If a preference voting system existed, people could vote for a third, fourth or even fifth most popular party and use their preference vote to support the major party they least dislike. This type of system provides greater opportunity for smaller party growth. However, I have seen the preference voting system struggle to give smaller parties representation; see my post, 'First-Past-The-Post Vs Preferential Voting Systems' for a detail critique of the preferential voting system.

A proportional representation voting system would also be fairer to the smaller parties as they could win seats based on percentage share of the vote rather than individual first past the post constituency results. According to the Electoral Reform Society, the results of the election would look as follows.

Source: Electoral Reform Society, accessed 17/12/2019

The performance of the Conservative Party based on public opinion has not been good. Overall approval ratings have been consistently below 25% for 2019. The minority Government and the strong resistance from opposition parties can be blamed for some of this but it also shows the inability of the Government to work with other parties and even maintain a good relationship with the Democrat Unionist Party (DUP), which supported them (confidence and supply agreement).

My previous prediction


If you have been following my Brexit posts, you would have seen that I made a few predictions about Brexit. I accurately predicted that the United Kingdom would not leave the European Union on 31st October and that there would be a General Election. However, I predicted the result of the election incorrectly. I predicted that many Conservative voters would switch to the Brexit Party. This would divide the 'leave' vote in many seats and therefore lead to a hung parliament. I then predicted the ‘remain’ parties would join to form Government. Instead, Conservative voters did not move their support to the Brexit party as they did earlier in the year. The Brexit Party did not contest Conservative held seats. Instead, the ‘remain’ vote was split between the Labour Party and LDP.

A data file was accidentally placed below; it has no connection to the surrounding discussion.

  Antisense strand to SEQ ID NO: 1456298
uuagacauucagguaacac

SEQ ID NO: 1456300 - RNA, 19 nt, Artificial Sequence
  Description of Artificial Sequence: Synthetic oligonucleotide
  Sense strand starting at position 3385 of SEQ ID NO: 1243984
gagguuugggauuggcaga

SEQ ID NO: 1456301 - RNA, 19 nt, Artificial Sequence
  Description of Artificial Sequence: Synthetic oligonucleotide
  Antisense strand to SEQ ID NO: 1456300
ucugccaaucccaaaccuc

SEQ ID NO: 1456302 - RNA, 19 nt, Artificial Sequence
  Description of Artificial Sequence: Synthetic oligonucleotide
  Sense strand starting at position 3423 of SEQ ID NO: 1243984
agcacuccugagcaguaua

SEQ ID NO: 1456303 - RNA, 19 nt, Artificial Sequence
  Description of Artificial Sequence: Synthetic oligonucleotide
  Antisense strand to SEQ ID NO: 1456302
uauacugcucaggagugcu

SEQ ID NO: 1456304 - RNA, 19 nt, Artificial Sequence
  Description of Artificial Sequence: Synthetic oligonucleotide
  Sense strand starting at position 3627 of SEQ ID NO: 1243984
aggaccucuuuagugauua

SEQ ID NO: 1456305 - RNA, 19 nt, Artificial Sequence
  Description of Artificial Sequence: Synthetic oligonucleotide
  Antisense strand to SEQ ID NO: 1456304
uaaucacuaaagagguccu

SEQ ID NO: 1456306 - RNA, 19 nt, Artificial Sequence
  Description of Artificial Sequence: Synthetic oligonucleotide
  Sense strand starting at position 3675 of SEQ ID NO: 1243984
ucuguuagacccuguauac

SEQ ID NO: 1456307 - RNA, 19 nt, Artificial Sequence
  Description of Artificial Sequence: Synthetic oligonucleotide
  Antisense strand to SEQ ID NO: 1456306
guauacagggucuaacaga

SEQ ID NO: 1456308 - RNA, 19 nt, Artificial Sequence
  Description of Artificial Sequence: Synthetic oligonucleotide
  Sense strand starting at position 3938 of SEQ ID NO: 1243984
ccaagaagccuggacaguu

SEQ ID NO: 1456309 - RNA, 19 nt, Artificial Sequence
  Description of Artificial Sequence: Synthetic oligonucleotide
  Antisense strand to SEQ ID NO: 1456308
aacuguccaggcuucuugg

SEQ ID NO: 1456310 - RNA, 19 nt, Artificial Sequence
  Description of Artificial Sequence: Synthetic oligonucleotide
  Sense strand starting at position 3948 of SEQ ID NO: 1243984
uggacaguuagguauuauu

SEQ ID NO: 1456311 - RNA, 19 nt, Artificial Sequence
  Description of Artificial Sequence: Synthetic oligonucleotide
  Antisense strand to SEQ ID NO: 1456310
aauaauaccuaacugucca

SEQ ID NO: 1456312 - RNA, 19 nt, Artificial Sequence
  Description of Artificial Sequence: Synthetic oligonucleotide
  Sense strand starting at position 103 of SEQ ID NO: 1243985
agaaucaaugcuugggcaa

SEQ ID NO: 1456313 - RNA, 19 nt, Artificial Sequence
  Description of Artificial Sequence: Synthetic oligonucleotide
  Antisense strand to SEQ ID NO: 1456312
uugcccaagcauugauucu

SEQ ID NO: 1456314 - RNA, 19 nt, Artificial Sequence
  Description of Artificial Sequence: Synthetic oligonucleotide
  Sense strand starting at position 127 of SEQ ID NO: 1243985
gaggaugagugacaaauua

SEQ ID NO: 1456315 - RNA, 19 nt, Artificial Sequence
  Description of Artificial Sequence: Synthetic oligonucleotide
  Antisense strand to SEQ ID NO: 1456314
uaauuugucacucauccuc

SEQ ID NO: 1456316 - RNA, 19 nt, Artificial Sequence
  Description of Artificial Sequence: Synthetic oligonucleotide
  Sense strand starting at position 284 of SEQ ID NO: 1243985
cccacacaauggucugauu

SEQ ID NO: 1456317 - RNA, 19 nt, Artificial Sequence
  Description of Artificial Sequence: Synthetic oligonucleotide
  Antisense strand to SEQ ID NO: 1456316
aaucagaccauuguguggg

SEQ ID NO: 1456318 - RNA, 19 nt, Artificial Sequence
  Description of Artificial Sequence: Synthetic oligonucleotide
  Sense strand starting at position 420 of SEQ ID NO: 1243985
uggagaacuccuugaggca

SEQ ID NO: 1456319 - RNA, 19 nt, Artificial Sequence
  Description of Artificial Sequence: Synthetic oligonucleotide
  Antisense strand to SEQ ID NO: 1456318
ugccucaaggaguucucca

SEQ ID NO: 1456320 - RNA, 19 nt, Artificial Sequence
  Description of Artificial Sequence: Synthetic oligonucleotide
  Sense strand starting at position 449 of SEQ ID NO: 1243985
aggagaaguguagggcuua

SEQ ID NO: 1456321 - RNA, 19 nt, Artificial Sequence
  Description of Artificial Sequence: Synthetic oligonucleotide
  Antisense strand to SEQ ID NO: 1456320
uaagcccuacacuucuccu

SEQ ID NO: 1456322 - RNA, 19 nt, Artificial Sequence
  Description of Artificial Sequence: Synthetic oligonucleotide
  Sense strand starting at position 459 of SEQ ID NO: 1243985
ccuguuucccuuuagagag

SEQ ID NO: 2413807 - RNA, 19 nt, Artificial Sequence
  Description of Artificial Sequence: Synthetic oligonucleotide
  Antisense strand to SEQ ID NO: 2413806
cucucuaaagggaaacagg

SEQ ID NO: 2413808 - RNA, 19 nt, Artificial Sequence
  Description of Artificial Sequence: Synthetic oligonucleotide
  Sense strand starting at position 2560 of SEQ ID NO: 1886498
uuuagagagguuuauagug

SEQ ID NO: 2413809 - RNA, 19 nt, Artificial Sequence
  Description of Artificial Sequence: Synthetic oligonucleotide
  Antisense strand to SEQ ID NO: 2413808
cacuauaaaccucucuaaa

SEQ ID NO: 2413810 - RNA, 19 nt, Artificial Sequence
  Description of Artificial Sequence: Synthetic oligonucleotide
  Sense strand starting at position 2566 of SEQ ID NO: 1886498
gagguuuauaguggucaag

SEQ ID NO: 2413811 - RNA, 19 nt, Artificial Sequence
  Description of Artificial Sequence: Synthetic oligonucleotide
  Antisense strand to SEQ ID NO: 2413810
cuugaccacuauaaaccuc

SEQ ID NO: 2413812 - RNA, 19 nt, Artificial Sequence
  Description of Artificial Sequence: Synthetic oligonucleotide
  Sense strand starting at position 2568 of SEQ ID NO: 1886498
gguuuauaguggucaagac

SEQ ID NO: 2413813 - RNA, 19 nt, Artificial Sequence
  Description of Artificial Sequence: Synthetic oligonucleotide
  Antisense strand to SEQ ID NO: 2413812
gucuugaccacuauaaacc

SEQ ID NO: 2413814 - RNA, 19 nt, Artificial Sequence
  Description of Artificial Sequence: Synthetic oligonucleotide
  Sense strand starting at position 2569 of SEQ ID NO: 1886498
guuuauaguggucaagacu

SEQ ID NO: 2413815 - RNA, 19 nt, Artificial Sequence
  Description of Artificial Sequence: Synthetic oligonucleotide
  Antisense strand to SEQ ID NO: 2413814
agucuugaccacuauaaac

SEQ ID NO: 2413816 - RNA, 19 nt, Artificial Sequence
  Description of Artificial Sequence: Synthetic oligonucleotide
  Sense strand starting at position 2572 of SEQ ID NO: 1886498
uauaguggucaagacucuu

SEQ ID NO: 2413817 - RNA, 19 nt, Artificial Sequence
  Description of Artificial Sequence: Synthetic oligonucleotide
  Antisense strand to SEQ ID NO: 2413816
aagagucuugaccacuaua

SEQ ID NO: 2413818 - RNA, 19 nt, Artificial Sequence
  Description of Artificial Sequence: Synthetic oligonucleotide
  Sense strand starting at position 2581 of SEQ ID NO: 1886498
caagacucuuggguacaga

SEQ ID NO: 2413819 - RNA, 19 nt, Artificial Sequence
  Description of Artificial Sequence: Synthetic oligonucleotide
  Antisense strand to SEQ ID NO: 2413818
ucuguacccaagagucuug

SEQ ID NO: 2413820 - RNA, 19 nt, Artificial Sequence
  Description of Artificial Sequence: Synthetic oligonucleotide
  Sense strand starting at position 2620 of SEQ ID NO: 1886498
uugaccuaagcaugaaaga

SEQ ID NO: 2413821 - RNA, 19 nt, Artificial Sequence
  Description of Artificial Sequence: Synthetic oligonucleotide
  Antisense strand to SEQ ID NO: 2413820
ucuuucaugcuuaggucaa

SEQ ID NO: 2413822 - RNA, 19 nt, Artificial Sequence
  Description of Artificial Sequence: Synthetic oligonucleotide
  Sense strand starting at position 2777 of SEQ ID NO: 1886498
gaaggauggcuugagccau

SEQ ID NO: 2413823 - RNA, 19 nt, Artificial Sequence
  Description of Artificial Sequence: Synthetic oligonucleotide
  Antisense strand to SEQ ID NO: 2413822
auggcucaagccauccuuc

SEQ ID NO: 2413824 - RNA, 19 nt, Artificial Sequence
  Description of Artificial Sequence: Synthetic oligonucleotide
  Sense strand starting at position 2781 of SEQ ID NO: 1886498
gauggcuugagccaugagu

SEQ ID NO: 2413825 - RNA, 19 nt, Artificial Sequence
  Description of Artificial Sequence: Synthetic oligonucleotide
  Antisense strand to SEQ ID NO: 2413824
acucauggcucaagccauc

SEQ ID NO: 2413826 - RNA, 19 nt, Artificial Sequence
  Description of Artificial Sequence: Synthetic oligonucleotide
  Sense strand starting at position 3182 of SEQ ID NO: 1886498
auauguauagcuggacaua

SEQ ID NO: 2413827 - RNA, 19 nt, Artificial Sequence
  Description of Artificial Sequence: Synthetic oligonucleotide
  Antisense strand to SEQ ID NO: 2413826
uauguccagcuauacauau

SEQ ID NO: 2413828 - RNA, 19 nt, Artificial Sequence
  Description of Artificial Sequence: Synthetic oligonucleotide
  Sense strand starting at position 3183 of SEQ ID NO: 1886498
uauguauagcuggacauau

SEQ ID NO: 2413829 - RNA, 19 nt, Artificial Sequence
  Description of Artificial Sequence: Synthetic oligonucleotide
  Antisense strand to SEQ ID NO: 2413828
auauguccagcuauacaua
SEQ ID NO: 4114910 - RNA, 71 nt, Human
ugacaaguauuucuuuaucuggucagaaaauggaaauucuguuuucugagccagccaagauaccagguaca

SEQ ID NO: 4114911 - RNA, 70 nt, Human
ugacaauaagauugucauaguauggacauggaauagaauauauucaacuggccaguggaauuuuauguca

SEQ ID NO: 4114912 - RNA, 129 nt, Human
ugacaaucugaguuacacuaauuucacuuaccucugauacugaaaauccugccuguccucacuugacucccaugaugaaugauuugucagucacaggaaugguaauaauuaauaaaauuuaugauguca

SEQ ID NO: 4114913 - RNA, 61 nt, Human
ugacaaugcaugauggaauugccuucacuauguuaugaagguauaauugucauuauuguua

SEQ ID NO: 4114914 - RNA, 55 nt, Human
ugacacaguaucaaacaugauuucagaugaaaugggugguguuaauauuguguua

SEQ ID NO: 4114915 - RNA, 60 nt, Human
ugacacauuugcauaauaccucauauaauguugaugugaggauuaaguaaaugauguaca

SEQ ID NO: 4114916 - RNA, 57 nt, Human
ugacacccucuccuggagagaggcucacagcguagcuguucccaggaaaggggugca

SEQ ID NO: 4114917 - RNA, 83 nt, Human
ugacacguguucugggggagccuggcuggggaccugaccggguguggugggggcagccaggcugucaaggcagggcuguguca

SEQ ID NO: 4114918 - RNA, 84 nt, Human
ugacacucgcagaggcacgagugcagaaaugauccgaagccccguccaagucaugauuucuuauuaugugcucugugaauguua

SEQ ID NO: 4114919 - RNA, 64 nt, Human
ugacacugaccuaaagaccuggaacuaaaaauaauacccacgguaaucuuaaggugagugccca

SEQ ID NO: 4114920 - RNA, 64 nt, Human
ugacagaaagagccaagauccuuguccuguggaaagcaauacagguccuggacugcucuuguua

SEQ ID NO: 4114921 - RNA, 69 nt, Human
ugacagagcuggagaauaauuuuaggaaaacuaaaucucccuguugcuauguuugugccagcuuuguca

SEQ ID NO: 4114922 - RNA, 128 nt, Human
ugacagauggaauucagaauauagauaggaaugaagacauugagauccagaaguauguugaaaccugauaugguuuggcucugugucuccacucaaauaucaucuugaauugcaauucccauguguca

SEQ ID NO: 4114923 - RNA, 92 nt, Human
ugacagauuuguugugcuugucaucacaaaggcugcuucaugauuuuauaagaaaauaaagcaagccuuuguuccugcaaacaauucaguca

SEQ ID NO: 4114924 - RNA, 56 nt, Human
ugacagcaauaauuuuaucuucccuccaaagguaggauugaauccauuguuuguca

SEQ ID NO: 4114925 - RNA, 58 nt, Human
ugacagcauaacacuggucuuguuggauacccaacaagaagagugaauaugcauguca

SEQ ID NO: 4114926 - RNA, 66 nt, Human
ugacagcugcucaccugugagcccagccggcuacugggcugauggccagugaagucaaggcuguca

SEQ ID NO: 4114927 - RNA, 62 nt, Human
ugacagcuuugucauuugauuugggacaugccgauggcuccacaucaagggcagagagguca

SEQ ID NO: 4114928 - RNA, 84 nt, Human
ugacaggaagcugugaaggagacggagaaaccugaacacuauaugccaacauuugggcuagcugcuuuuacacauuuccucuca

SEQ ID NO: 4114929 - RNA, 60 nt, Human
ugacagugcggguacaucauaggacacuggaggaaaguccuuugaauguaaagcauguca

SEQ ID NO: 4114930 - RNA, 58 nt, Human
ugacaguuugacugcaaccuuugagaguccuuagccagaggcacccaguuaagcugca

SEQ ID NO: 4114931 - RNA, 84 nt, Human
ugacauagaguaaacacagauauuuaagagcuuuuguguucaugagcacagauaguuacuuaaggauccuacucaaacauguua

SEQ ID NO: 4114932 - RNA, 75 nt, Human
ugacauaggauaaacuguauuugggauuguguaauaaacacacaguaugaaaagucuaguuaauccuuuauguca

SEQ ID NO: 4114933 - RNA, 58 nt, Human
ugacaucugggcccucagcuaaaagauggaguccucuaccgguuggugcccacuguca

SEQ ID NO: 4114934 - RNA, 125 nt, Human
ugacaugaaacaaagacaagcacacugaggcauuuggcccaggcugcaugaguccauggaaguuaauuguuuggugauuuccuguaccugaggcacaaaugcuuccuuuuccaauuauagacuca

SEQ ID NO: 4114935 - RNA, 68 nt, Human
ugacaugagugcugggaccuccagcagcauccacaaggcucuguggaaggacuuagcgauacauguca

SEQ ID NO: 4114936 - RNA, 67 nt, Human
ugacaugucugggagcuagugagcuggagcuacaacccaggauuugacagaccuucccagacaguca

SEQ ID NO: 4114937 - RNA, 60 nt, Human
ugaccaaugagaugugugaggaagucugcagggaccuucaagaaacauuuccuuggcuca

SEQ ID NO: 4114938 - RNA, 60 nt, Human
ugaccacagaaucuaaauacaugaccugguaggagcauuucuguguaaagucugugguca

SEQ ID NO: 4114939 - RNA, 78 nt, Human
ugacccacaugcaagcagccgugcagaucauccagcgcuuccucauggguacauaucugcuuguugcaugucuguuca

I also predicted a very high voter turnout. I think this prediction was about half right. The turnout was higher than 2001, 2005, 2010, and 2015 but slightly lower than 2017. The number of disenfranchised former labour voters and possibly the bad weather could have contributed to lower turnouts in some constituencies. There were also several constituencies where people had to queue for over half-an-hour to vote. See voter turnout for the past several elections below.

Source: Independent, accessed 17/12/2019



The 2019 General Election can be called the Brexit General Election. However, the results were also influenced by a few other factors such as public opinion of the leaders, the proposed manifestos, splitting of the ‘remain’ vote, and the first past the post system. Brexit should almost definitely happen now that the Conservative Party have such a large majority and extensions to negotiations are going to be legally ruled out. My hopes for reform to the political system is going to be very unlikely for many years to come.

I have previously written about different voting systems in my post, First-Past-The-Post Vs Preferential Voting Systems. I have written about the two party system in my post, The Two-Party Political System – The dictatorship we didn’t know we had. These two posts explain a lot more about the first past the post system and the problems of the two party system.